ABC's of Selling Florida Real Estate



What About a Counter-offer. What is it ?

  When you are selling your home, one of the things that may occur after you get an offer to purchase your home is your right to make a "counter-offer."

What is a counter-offer?
A counter-offer is your response to an offer. It must be in writing, usually this is done by making changes to the actual purchase contract you received. You simply cross out items, including the price, which you do not accept and write in your "counter-offer." You must initial and date each such change you make. If you were to counter-offer on both the price and the amount of money you might be required to pay for any repairs found to be needed during an inspection, you would cross out both of those values and write in your values, initializing and dating each change.

  There may be other terms and conditions of the purchase offer made by the buyer that you want to change such as the inspection time frames, who the escrow/closing agent will be, who will pay for the termite inspection, an increase in the earnest money deposit, etc. Each change you make must be initialed and dated. If two of you are the selling parties, then both sets of initials must be included.

  Andree Huffine, a Sarasota luxury real estate expert, says, "Keep in mind that all terms and conditions proposed in the offer you received remain in effect unless you change them in your counter-offer." The prospective buyer(s) have the right to ACCEPT your counter-offer, to PROPOSE further changes, or to END NEGOTIATIONS when they receive your counter-offer.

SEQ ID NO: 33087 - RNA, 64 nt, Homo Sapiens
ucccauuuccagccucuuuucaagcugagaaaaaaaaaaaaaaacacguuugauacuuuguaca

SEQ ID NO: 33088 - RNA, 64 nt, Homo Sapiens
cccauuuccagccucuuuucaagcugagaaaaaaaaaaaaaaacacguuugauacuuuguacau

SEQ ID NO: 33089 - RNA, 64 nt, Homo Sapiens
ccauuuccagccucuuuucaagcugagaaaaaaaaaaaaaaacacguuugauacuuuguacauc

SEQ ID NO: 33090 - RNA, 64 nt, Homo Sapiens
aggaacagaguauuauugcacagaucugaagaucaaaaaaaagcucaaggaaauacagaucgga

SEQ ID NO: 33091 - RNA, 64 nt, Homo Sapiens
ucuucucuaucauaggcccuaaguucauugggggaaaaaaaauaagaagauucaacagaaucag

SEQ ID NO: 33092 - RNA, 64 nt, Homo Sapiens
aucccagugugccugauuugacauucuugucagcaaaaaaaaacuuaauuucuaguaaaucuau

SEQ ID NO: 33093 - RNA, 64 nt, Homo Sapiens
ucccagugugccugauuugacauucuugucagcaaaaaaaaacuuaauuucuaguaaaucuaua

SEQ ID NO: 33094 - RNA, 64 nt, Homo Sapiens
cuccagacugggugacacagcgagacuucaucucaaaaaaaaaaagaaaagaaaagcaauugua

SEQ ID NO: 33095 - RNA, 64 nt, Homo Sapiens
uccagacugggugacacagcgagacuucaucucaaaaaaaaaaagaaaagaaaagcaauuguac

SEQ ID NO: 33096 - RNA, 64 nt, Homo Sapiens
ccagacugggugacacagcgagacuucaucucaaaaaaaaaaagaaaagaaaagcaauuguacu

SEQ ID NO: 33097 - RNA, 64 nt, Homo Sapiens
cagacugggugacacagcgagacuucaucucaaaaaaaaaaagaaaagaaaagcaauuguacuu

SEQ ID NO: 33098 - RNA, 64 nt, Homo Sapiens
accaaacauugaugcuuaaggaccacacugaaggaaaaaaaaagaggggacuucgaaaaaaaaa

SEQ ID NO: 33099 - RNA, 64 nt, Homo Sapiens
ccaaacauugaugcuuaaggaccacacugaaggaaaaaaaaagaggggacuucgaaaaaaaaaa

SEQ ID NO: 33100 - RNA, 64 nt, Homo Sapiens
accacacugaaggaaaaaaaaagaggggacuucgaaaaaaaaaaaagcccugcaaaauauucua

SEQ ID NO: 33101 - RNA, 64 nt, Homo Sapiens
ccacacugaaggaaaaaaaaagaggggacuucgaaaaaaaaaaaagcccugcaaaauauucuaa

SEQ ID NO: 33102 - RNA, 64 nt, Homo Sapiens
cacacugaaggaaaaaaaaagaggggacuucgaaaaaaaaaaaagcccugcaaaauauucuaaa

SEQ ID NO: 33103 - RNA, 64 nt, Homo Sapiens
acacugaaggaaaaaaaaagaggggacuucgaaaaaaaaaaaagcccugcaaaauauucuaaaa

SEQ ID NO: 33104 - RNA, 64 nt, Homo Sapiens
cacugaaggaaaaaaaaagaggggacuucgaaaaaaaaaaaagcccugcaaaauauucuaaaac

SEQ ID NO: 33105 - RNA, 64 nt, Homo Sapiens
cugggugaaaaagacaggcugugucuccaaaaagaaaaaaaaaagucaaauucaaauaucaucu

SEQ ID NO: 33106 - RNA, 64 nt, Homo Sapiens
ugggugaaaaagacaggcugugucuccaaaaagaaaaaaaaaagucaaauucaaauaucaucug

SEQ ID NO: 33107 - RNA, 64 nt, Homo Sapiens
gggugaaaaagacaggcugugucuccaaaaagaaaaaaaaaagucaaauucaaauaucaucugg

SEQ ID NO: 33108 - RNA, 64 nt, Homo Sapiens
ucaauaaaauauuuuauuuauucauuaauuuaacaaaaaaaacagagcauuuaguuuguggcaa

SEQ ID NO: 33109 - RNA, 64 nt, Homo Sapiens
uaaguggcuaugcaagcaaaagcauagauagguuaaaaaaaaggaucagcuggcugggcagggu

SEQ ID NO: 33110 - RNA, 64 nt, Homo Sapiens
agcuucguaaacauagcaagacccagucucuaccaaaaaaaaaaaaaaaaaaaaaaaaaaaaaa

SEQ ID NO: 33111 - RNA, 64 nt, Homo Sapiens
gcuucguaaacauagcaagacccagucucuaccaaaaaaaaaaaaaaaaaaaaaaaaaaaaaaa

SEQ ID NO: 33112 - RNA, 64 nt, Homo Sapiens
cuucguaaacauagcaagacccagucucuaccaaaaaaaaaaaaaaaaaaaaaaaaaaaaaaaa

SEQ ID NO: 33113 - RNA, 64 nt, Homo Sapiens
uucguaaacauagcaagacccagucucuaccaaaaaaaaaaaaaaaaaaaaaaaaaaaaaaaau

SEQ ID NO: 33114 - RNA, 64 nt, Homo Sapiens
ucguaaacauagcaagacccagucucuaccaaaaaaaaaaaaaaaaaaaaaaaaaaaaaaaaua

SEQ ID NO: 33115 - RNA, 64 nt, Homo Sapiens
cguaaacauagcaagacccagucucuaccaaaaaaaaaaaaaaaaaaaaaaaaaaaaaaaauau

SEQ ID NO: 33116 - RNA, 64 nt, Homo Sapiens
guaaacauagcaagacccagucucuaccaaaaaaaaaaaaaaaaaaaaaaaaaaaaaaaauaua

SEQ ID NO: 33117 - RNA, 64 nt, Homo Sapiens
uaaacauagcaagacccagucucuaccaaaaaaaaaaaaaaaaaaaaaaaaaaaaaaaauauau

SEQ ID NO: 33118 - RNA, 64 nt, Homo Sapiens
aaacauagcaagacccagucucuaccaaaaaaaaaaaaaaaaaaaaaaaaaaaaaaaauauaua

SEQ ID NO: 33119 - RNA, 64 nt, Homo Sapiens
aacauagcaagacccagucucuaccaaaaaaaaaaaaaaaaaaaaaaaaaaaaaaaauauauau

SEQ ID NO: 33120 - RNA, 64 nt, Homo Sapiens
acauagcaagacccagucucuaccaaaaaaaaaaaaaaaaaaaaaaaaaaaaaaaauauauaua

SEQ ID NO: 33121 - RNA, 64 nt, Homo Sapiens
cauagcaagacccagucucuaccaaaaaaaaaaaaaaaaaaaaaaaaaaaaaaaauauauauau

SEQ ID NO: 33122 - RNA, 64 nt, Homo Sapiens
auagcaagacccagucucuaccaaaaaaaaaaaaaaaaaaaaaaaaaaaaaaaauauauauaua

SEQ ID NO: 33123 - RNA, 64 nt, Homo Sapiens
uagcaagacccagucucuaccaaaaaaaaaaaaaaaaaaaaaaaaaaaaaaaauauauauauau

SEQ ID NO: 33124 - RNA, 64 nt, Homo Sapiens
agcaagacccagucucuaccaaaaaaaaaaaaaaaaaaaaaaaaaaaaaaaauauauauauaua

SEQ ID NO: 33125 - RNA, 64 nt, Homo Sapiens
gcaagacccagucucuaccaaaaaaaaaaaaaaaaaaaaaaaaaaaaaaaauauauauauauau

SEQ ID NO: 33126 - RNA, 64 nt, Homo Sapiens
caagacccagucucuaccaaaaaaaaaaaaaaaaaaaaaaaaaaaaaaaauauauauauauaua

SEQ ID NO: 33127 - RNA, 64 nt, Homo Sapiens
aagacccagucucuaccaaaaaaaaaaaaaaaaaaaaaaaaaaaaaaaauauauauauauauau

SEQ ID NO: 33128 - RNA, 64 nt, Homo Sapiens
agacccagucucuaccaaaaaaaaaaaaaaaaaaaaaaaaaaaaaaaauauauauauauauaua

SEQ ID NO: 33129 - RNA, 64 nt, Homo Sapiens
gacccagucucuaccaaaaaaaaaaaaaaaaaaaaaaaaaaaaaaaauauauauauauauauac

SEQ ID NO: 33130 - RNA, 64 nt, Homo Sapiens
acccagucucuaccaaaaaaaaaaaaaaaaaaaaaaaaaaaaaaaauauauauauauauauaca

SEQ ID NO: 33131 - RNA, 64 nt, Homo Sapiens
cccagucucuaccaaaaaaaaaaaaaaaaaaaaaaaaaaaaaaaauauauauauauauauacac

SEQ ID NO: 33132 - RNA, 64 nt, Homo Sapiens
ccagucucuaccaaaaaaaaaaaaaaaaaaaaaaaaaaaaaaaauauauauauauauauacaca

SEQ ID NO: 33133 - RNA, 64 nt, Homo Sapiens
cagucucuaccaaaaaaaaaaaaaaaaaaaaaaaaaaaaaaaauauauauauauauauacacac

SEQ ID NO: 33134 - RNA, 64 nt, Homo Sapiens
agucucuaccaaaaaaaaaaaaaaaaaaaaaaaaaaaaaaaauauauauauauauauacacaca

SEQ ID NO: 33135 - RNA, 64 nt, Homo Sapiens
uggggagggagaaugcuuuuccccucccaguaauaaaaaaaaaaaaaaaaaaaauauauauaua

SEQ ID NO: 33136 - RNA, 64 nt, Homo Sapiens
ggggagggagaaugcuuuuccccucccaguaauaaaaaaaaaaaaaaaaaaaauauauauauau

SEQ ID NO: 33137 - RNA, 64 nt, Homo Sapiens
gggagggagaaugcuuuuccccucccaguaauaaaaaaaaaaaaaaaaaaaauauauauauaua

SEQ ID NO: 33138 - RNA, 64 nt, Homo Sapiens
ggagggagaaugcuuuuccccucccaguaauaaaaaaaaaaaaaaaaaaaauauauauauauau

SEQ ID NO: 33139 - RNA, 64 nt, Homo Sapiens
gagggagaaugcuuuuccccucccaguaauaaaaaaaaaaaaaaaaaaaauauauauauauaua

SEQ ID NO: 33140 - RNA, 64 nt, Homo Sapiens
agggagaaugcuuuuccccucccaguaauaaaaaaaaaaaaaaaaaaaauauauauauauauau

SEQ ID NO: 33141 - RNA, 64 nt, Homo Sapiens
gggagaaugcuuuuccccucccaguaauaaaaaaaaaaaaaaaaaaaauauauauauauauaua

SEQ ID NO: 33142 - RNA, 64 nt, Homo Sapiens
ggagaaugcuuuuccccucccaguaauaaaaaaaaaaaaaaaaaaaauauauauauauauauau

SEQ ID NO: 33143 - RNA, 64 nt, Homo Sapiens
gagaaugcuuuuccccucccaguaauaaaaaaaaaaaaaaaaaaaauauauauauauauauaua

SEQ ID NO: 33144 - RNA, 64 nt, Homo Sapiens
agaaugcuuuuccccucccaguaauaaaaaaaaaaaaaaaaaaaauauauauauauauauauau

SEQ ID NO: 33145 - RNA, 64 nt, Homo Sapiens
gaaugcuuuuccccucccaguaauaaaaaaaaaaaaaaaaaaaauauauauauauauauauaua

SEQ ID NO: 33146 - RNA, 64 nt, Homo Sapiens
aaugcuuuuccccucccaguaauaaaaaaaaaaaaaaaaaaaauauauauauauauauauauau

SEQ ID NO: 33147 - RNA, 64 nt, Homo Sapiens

This offer and counter-offer process continues until both parties agree on all the terms and conditions. If the buyer accepts your counter-offer, they usually just add their initials to the changes you made and add their own date of acceptance to each such change. Rich Stover, another Sarasota real estate agent,states something that not seem as obvious as it is until it happens to you. "Each time the buyer receives a counter-offer from you, they have the right to end the negotiations and walk away from the deal getting their earnest money deposit back in full. So, before you accidentally "walk-away" from a deal that is reasonably close to price and terms you wanted, make sure the changes you are proposing are ones without which you are unwilling to sell the home."

  Bear in mind that a verbal counter or counter-offer means nothing – all terms and conditions must be in writing and signed by both parties to the contract.

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